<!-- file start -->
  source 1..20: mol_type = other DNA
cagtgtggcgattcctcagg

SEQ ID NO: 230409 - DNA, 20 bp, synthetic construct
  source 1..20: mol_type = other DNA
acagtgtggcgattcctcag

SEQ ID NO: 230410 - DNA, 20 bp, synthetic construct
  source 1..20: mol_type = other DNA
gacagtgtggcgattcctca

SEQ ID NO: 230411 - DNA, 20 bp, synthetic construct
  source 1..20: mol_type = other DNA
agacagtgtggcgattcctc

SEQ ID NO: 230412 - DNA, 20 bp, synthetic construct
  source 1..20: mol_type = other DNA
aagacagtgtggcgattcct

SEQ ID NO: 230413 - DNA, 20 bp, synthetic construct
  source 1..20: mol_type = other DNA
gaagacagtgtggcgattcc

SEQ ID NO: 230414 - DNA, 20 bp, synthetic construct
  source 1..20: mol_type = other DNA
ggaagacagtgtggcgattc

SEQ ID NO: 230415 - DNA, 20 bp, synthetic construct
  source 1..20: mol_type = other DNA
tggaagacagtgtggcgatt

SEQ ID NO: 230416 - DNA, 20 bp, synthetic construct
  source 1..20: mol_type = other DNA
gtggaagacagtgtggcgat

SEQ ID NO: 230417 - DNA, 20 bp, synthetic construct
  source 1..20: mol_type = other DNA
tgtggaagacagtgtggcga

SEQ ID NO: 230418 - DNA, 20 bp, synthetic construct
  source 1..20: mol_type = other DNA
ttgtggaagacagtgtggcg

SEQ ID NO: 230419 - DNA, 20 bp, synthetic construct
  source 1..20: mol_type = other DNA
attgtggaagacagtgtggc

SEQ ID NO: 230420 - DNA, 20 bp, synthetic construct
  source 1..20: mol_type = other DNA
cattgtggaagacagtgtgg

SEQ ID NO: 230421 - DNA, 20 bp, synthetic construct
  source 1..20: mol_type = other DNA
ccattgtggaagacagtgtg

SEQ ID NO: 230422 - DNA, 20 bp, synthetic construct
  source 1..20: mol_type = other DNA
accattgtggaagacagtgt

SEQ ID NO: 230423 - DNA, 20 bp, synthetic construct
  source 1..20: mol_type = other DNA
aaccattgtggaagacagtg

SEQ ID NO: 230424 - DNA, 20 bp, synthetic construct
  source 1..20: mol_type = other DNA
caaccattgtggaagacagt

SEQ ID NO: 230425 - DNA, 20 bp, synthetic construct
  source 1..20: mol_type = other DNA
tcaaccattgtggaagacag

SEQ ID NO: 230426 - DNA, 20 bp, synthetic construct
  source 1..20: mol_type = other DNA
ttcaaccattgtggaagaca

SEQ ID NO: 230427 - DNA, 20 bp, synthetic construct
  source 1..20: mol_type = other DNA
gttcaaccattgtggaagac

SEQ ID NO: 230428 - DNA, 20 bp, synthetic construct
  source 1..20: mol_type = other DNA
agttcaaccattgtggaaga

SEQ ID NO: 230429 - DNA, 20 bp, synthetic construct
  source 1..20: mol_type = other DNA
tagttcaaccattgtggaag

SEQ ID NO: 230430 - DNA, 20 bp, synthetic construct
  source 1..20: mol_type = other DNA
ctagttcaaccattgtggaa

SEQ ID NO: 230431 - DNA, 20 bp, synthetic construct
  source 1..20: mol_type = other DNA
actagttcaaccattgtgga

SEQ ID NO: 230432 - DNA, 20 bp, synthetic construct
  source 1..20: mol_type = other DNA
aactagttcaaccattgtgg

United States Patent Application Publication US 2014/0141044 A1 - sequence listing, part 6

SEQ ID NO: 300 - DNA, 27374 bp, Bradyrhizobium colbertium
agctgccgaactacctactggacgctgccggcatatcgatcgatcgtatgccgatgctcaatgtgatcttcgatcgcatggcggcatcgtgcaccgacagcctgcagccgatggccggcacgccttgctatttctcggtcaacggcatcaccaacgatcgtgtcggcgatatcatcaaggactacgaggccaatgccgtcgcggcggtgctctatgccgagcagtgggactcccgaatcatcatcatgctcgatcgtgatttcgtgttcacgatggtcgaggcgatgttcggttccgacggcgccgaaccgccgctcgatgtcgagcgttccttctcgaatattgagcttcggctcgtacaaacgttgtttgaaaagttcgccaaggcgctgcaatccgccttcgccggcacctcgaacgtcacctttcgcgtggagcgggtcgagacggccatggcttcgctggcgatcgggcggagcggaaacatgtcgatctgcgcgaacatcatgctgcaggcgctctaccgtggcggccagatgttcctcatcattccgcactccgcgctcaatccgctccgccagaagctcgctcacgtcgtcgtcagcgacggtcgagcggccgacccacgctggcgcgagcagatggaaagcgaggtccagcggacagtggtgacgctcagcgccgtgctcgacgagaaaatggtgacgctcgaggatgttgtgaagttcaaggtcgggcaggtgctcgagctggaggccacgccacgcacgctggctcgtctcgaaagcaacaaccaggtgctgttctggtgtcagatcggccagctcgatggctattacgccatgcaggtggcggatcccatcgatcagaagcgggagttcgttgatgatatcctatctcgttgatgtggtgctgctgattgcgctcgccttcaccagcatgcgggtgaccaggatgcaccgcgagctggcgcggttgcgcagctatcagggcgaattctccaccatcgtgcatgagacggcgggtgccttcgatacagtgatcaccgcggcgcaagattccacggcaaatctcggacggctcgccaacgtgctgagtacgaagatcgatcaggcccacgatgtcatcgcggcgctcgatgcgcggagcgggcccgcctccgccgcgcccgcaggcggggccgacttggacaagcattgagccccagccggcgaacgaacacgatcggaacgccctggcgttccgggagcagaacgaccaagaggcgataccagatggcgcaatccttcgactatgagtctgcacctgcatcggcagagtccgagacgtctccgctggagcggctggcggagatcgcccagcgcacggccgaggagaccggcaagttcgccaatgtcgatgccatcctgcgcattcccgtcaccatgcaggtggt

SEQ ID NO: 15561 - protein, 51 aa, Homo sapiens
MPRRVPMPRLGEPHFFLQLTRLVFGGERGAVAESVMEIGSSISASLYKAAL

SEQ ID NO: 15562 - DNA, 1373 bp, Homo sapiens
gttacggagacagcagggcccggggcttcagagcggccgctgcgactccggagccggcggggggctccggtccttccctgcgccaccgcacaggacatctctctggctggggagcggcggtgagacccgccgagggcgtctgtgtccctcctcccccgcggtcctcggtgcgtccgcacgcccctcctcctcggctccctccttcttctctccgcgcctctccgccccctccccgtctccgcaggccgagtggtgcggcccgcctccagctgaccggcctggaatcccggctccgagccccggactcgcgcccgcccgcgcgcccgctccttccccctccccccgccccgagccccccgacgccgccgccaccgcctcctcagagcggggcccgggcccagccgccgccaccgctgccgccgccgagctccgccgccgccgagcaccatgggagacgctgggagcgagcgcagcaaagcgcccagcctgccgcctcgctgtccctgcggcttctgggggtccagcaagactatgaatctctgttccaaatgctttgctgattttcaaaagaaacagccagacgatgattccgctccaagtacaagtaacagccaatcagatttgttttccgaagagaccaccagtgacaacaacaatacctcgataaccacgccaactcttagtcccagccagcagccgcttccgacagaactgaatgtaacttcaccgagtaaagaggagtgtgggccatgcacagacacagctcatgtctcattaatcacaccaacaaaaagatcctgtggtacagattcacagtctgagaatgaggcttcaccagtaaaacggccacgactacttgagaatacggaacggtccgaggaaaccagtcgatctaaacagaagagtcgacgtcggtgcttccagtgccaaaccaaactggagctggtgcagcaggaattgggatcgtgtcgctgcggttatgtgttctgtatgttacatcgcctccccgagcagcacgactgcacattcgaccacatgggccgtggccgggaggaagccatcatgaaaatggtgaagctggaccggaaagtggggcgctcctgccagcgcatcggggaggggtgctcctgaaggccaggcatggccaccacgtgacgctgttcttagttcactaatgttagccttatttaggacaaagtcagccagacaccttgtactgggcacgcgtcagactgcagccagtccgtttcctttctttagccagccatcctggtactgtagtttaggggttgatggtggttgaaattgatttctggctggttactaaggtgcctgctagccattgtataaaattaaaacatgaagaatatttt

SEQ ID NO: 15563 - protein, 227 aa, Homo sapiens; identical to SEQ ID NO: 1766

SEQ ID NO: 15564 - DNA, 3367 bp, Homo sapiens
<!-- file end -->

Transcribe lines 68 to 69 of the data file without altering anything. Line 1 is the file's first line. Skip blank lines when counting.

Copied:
ctagttcaaccattgtggaa

SEQ ID NO: 230431 - DNA, 20 bp, synthetic construct